Anyone not in the thrall of progressive group-think ideology knows this cannot possibly succeed. As the Wakefield teachers rightfully point out, these revisions will prove most devastating to the students they are designed to help. Affluent parents, determined to get their offspring into college, will supplement schooling with outside resources. Poor parents won’t have the resources, or in many cases the motivation, or even the understanding that schools are failing their children.

Governor-elect Youngkin, you say you want to raise standards in Virginia public schools. Take a look at Arlington County. This is what you’re up against.

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21 responses to “Standards? We Don’t Need No Stinking Standards!”

  1. walter smith Avatar
    walter smith

    These people are insane.

    1. I see your thought and raise you to complete ‘equity insanity’ — brought to you by Dems… knew it was coming…..

      Washington state lawmakers have introduced a bill that would reduce penalties for drive-by shootings with the goal of “promoting racial equity in the criminal legal system.”

    2. dave schutz Avatar
      dave schutz

      Arlington has made the NY Post for parent mockery of teachers’ union: – it’s not exactly on point for this issue, but I don’t think this would have happened a few years ago.

  2. Eric the half a troll Avatar
    Eric the half a troll

    I don’t recall, growing up, homework being “graded”. Assignments (like term papers), yes, but homework was typically practice work.

    1. YellowstoneBound1948 Avatar

      I remember submitting homework and having it come back from the teacher. If she liked it, she gave it an “A.” If she really liked it, she added a rubber stamp, usually a cartoon character. And if she really, really liked it, she added a “star” (a sticker). So, students went through the year making sure everyone knew it when they had earned an “A, stamp, star” on their homework. Now, almost 70 years later, my siblings and I continue to evaluate each other by that criteria, lauding one another whenever an “A, stamp, star” is warranted.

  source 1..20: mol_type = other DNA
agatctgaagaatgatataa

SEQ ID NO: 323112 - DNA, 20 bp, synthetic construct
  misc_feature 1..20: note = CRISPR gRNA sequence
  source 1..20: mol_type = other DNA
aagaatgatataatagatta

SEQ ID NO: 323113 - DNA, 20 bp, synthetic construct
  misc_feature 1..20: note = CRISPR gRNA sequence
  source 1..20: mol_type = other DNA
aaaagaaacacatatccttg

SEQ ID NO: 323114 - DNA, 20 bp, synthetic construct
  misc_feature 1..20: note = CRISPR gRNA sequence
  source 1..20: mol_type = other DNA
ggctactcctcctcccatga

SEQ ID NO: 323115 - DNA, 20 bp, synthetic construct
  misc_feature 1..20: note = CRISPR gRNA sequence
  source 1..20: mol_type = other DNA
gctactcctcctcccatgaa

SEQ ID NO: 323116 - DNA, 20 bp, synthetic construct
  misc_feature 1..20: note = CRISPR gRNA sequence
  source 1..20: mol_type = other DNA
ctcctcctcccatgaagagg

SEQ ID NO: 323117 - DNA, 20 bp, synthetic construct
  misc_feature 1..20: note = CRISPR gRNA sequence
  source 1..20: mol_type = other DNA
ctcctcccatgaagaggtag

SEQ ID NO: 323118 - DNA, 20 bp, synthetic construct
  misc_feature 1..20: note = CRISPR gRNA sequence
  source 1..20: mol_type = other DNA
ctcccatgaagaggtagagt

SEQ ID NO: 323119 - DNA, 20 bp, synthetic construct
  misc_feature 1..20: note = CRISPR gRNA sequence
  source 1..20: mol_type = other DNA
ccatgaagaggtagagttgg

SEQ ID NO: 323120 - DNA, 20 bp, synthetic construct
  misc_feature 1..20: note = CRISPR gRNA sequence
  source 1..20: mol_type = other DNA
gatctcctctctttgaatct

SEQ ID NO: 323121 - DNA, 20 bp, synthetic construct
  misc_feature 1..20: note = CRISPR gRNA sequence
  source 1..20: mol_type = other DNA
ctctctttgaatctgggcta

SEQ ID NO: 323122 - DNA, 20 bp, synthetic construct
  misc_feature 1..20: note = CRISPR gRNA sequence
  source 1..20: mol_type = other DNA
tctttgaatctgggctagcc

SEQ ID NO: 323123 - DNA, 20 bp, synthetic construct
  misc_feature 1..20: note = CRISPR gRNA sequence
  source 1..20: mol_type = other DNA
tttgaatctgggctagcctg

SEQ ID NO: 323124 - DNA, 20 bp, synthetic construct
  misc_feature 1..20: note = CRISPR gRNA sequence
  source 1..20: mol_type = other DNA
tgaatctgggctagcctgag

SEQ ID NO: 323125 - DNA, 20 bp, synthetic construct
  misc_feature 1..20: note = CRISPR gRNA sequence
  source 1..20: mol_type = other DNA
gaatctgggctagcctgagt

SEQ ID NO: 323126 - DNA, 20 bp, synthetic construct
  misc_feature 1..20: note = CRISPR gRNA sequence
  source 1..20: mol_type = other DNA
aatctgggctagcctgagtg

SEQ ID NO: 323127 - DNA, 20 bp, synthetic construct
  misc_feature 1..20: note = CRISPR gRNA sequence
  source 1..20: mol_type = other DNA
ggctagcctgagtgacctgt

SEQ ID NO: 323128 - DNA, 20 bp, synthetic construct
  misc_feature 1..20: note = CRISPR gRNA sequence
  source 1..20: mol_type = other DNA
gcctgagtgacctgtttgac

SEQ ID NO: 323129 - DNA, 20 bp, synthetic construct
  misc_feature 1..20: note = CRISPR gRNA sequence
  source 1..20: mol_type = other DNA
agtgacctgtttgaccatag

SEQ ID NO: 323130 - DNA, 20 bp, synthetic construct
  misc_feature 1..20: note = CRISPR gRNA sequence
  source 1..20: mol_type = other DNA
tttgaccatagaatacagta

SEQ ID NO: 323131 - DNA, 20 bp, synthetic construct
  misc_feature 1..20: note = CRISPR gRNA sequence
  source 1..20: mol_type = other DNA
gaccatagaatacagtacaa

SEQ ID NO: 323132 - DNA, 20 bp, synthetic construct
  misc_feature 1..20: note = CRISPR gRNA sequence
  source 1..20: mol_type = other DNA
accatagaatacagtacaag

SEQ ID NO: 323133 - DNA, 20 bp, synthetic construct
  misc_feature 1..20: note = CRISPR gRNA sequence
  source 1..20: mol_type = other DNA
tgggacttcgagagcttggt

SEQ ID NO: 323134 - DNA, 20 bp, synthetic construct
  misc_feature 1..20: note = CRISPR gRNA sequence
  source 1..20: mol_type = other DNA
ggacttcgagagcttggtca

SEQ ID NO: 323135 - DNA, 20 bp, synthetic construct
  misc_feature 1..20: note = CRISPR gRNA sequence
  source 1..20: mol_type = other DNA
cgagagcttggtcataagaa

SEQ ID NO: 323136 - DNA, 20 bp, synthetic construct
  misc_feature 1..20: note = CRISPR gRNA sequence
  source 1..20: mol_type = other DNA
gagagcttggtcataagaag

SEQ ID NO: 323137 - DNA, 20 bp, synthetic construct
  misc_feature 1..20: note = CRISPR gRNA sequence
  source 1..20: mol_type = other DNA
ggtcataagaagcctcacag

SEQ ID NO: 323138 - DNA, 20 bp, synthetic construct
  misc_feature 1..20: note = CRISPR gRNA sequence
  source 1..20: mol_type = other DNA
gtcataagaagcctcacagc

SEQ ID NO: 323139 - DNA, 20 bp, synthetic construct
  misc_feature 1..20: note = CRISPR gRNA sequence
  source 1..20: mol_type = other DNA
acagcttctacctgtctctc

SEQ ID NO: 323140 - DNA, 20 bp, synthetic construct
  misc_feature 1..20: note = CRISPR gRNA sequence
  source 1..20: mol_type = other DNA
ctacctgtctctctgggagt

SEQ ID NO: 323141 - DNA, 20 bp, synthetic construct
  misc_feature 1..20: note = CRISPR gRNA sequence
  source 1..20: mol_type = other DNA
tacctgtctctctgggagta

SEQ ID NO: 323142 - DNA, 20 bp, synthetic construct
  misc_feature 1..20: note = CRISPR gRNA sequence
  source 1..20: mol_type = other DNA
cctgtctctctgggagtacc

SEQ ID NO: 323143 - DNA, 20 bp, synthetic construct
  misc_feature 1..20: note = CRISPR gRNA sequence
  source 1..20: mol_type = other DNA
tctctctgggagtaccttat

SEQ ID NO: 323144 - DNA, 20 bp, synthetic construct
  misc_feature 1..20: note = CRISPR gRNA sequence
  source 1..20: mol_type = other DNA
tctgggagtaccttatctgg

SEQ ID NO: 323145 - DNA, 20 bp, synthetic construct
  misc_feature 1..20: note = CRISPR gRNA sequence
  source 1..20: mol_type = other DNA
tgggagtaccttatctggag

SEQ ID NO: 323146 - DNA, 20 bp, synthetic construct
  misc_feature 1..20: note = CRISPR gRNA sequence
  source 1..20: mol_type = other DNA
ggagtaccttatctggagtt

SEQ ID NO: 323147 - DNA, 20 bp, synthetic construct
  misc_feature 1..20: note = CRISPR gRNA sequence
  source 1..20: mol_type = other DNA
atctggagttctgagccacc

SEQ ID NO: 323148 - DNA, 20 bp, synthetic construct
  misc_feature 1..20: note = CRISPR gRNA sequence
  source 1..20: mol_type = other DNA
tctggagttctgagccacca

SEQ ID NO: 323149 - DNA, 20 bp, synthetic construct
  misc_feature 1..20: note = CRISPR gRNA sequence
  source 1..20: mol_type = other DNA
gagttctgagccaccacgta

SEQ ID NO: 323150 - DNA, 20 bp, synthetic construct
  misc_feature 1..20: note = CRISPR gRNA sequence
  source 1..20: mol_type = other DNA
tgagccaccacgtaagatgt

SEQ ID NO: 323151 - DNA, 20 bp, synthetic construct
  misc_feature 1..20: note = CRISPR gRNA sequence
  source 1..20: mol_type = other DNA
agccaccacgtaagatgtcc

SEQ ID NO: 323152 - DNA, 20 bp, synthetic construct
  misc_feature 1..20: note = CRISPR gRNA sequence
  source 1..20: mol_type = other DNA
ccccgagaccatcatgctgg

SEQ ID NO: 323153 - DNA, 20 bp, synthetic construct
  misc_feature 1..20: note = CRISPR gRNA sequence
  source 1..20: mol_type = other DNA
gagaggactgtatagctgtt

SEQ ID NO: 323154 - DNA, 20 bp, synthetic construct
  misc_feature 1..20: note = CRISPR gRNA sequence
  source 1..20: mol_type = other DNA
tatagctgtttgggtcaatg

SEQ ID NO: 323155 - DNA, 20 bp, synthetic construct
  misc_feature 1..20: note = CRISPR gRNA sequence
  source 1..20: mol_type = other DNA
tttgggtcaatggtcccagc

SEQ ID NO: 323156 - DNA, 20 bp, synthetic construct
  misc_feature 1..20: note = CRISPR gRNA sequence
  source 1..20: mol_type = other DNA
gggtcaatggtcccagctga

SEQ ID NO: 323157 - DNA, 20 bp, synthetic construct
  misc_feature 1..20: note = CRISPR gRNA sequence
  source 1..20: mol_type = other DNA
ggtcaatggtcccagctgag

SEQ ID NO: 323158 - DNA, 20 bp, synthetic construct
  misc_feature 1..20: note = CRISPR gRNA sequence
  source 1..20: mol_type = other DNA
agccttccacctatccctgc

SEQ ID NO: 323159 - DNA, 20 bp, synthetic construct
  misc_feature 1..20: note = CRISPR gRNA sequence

2. how_it_works Avatar

      Homework was graded when I went to school. And if not done that resulted in a “zero” for that assignment.

    3. James Kiser Avatar
      James Kiser

      I certainly do remember homework being graded maybe that explains some of your comments here.

      1. Eric the half a troll Avatar
        Eric the half a troll

        Well, I guess your teachers needed to give you some extra bites at the apple…. some students need “special” handling…

  3. Kathleen Smith Avatar
    Kathleen Smith

    Before the SOL, standards were only what teachers expected kids to learn. So if you didn’t learn to read, no problem for a kid in Petersburg as it was expected, but a real problem in Lexington where all 3rd graders were expected to be on grade level. The sup doesn’t realize that Standards and accountability for those standards leveled the playing field for poor and minorities. This is equity. The teachers who are upset understand the concept of learning. He does not. He “earned” his because of standards. At least I hope.

    1. LarrytheG Avatar

      perhaps related to your words.. Matt Hurt from Wise who frequents BR has pointed out that there really is no standard for letter grades anyhow. A teacher is apparently free to decide what an “A” or “B” or whatever is or is not and it may or may not have much of anything to correlation to SOL scorew. IOW, a kid can get “A”s and then fail the SOLs.

      My teacher friend(s) confirm this….

      So just because letter grades are given doesn’t really mean it’s an accurate reflection of the kids academic performance.

      1. how_it_works Avatar

        When I went to school it worked like this.

        Say you took two tests. Both with 10 questions on them.

        On one test, you missed half the questions. So you got an F on that one, 50%.

        On the other test, you answered all the questions correctly. So you got an A on that one, 100%

        Averaged together, 150 divided by 2 gives you a 75%, which was a C where I went to school, if I recall correctly. And if, for the sake of this example, those were the only graded assignments/tests for that semester, you got a C for the semester.

        That’s how it used to work. And homework and other assignments were graded similarly and added into the average.

        1. Eric the half a troll Avatar
          Eric the half a troll

          From my kid’s experience, they considered graded homework to be the way to bring a B test average up to an A for the class. Easy A’s if they did the work given that it each assignment is essentially an open book quiz with no time limit.

          1. Matt Adams Avatar